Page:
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Transportation News Bulletins - LTL and TL

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Feds: Boston plans to reroute trucks illegal
Monday, 16 November 2009 00:00

BOSTON—Federal transportation officials say Boston's efforts to stop trucks carrying potentially dangerous cargo from driving through the city during certain hours is illegal.

The U.S. Department of Transportation's Federal Motor Carrier Safety Administration issued the ruling after a challenge by the American Trucking Associations and a request for determination by the state Highway Department.

The federal agency said only it, through the state, can approve hazardous materials routes and was never consulted.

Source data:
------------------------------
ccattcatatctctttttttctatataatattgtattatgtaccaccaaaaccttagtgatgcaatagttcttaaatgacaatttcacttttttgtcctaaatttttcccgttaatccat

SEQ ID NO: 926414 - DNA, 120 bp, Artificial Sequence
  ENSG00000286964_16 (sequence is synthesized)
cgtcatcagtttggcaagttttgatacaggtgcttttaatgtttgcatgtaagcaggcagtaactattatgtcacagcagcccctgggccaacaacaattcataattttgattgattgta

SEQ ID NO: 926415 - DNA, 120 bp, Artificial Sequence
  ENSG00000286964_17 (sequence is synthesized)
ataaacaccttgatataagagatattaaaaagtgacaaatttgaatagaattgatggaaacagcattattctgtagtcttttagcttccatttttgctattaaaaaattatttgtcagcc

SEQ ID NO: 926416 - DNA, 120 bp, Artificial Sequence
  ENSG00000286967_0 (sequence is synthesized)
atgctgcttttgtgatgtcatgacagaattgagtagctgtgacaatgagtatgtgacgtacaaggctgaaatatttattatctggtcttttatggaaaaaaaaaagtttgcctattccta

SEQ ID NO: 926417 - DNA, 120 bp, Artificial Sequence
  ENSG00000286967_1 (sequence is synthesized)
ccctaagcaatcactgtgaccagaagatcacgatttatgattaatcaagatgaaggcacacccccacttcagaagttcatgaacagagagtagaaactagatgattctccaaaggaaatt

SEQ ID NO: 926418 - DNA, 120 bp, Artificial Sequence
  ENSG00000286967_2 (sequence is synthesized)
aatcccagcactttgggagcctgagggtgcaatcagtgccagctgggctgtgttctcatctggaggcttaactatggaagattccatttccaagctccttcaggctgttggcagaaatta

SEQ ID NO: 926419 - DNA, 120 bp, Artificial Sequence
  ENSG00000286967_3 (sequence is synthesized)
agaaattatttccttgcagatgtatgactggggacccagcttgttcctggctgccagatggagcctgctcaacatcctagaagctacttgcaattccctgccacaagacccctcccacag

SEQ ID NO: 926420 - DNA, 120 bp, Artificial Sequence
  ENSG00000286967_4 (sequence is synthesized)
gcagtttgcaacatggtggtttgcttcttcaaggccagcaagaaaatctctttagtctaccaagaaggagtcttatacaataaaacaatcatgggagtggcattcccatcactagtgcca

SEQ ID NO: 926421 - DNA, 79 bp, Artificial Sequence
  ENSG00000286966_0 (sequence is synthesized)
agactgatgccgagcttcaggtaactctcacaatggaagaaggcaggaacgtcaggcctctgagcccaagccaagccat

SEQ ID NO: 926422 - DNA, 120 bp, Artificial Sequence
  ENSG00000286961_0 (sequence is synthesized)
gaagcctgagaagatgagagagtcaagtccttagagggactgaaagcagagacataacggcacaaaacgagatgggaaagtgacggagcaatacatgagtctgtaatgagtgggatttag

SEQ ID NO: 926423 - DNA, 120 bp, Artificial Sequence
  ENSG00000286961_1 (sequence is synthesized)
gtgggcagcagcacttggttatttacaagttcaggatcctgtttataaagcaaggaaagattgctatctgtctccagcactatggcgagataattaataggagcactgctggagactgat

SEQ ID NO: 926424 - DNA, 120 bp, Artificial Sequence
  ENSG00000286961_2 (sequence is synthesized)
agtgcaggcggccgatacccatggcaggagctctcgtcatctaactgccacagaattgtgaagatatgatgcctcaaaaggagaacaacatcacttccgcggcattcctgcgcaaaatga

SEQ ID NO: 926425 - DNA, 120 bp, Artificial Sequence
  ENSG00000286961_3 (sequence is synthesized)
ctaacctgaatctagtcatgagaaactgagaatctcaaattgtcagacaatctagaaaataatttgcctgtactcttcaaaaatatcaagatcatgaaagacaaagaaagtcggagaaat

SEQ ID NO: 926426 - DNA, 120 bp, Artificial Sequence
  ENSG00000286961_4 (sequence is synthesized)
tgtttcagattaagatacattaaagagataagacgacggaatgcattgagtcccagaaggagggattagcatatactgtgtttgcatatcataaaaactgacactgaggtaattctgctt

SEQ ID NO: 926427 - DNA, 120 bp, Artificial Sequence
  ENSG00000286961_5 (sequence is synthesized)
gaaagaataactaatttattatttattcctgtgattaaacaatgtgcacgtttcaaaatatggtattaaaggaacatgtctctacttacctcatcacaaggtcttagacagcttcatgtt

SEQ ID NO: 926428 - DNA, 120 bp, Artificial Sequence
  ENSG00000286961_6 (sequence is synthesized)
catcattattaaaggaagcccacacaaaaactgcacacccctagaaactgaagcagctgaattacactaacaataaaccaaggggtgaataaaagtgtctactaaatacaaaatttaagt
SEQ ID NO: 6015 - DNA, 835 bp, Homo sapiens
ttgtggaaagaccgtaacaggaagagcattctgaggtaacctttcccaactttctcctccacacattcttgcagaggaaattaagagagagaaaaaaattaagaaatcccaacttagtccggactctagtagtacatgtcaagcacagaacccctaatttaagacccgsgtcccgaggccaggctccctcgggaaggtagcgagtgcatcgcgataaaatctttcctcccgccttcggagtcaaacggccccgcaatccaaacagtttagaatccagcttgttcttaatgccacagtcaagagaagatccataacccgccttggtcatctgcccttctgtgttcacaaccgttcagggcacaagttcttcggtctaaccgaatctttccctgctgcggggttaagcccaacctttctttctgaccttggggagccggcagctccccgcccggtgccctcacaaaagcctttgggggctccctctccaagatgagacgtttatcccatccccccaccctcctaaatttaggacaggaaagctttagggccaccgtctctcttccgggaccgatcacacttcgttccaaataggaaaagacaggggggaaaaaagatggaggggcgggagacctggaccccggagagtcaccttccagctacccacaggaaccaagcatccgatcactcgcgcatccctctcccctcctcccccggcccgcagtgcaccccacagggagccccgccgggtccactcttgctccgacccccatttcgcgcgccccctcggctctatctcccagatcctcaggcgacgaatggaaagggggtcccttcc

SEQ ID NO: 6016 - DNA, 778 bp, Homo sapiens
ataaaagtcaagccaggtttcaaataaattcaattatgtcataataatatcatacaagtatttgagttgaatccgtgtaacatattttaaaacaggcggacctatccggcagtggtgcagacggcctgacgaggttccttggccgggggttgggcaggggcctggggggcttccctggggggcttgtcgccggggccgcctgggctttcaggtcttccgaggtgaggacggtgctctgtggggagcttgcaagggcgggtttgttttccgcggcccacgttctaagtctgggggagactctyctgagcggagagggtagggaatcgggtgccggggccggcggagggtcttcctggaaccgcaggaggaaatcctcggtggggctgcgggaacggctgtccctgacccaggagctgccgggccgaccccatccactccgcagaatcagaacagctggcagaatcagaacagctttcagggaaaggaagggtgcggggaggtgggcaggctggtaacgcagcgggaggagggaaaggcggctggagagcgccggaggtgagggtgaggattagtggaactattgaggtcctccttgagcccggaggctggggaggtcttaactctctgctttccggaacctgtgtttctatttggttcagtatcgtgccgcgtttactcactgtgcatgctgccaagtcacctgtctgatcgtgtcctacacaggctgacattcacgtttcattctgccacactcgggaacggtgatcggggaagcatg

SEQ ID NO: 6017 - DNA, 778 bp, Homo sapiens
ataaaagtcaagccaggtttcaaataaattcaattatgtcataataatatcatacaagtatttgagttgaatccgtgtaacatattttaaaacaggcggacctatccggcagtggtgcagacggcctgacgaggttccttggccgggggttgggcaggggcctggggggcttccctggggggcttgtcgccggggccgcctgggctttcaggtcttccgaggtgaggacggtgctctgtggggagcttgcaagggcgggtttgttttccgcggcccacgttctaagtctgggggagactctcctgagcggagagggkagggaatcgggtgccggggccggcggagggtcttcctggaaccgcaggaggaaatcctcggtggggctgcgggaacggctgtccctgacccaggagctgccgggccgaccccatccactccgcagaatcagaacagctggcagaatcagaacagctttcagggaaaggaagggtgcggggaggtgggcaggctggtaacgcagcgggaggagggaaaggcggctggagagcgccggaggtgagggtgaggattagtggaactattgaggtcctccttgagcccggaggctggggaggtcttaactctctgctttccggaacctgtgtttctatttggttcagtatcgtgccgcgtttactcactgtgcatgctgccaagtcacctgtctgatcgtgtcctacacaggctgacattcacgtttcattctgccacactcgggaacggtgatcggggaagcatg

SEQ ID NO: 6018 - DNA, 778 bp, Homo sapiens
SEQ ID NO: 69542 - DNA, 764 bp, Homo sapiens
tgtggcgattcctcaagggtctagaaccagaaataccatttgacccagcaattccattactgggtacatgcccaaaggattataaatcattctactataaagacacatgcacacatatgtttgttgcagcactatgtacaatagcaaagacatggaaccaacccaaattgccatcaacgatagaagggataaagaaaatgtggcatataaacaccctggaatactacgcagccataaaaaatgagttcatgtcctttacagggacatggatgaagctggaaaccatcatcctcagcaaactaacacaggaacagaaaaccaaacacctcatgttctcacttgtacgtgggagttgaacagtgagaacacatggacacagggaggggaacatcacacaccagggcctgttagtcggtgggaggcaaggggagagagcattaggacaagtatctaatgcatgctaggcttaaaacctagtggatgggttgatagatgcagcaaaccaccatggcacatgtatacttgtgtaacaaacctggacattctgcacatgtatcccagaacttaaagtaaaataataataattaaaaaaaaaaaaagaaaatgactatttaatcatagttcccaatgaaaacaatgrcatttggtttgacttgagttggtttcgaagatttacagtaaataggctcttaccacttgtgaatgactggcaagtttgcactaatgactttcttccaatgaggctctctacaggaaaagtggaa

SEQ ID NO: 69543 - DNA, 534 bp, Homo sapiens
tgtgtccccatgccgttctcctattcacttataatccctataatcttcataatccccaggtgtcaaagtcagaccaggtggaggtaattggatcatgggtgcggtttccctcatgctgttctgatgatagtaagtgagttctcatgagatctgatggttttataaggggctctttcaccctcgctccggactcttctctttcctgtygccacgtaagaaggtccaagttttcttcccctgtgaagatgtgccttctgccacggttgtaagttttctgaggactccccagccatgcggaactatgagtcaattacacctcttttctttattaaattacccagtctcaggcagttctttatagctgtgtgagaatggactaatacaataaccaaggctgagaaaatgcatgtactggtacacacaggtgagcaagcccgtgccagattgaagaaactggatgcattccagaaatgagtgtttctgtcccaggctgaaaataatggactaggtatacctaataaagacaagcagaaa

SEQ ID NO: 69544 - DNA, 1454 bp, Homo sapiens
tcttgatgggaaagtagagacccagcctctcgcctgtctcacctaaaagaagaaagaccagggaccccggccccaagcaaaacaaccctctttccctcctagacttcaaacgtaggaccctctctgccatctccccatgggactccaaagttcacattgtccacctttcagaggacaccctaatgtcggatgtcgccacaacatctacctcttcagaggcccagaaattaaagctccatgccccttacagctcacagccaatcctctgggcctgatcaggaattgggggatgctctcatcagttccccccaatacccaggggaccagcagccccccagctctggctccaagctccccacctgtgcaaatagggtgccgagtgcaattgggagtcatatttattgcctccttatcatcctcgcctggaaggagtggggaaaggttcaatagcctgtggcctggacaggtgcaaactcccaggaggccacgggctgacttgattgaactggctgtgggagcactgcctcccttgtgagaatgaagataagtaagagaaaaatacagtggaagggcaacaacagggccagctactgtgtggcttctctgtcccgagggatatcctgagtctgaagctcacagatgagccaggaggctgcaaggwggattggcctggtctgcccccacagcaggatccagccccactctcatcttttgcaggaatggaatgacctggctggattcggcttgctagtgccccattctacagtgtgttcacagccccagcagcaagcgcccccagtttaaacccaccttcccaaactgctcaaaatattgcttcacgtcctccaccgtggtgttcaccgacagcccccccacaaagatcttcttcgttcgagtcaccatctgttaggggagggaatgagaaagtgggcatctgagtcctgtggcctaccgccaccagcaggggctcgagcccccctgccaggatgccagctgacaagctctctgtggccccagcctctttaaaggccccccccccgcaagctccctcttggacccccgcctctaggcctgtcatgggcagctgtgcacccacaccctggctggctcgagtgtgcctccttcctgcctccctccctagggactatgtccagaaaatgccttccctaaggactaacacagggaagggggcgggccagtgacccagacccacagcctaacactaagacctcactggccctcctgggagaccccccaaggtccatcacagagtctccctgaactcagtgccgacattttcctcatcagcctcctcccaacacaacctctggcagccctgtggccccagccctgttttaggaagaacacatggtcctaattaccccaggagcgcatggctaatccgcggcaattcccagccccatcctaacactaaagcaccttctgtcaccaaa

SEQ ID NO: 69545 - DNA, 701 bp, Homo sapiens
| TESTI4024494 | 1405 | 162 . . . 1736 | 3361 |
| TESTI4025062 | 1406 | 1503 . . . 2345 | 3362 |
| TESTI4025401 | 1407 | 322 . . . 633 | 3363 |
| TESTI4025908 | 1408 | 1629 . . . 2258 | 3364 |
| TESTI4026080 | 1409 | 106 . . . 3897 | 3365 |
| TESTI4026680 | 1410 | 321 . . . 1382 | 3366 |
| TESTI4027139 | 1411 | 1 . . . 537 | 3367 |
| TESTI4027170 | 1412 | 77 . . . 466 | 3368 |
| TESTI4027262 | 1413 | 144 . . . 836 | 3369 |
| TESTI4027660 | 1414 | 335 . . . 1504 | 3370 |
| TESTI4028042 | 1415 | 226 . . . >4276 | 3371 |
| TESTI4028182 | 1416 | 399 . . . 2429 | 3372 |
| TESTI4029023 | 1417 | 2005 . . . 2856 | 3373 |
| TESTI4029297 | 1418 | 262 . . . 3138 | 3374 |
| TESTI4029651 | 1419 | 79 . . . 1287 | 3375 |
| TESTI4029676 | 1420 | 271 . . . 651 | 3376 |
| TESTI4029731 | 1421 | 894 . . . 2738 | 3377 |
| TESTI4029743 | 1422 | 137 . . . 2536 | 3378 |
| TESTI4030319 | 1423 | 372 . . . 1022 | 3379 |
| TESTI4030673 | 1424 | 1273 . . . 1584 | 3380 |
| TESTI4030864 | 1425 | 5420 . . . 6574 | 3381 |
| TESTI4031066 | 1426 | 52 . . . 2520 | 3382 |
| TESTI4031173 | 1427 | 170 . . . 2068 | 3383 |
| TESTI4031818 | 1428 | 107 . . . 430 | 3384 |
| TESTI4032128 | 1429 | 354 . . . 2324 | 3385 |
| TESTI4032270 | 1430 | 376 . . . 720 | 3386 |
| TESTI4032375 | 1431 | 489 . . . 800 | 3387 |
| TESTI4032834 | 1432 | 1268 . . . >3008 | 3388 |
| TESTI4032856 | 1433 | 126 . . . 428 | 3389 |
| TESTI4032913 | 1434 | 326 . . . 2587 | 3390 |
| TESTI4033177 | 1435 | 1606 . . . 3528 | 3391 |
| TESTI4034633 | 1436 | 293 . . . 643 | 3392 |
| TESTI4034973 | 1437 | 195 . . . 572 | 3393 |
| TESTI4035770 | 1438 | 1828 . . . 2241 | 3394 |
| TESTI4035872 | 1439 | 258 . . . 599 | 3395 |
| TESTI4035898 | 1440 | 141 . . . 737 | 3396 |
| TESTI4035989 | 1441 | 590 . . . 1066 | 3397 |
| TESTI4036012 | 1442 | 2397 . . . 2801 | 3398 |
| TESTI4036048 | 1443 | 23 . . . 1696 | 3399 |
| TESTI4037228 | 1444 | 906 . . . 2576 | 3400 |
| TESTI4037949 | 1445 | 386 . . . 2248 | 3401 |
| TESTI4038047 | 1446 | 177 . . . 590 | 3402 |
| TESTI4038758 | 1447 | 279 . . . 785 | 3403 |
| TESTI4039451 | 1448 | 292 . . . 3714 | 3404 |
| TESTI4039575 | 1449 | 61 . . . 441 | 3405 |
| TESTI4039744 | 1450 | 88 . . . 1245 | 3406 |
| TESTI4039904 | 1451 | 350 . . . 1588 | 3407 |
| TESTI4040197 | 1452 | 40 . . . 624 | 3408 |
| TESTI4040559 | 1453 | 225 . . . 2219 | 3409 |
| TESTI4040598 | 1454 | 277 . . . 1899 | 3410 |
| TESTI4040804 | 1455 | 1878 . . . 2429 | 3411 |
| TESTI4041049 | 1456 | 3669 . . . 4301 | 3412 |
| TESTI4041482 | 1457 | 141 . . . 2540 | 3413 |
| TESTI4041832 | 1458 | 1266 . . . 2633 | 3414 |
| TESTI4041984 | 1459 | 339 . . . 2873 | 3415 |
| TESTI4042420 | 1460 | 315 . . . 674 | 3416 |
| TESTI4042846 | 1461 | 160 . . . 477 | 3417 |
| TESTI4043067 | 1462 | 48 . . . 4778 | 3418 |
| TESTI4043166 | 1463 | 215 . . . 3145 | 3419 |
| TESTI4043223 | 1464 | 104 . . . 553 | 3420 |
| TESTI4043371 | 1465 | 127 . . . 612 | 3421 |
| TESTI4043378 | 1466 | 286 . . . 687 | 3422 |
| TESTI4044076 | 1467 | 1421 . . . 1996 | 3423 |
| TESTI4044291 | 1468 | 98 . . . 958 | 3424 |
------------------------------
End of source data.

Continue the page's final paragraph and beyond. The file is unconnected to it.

Truckers claim by forcing vehicles with cargo including asphalt and fuels to make long loops around the city, Boston was costing them fuel and productivity.

A city lawyer tells The Boston Globe the decisions were made based on safety considerations., 11/16/2009

Truckers encouraged to comment on road ban plan in NY
Thursday, 12 November 2009 00:00

Truckers have only 18 more days to comment on a proposed regulation that would prohibit them from using seven secondary roads in the Finger Lakes region in upstate New York.

This proposed rule, which was posted on the New York State’s Register by the New York State Department of Transportation, comes at a time when small-business truckers are struggling to eke out a living as freight rates continue to plummet and equipment and fuel costs continue to rise.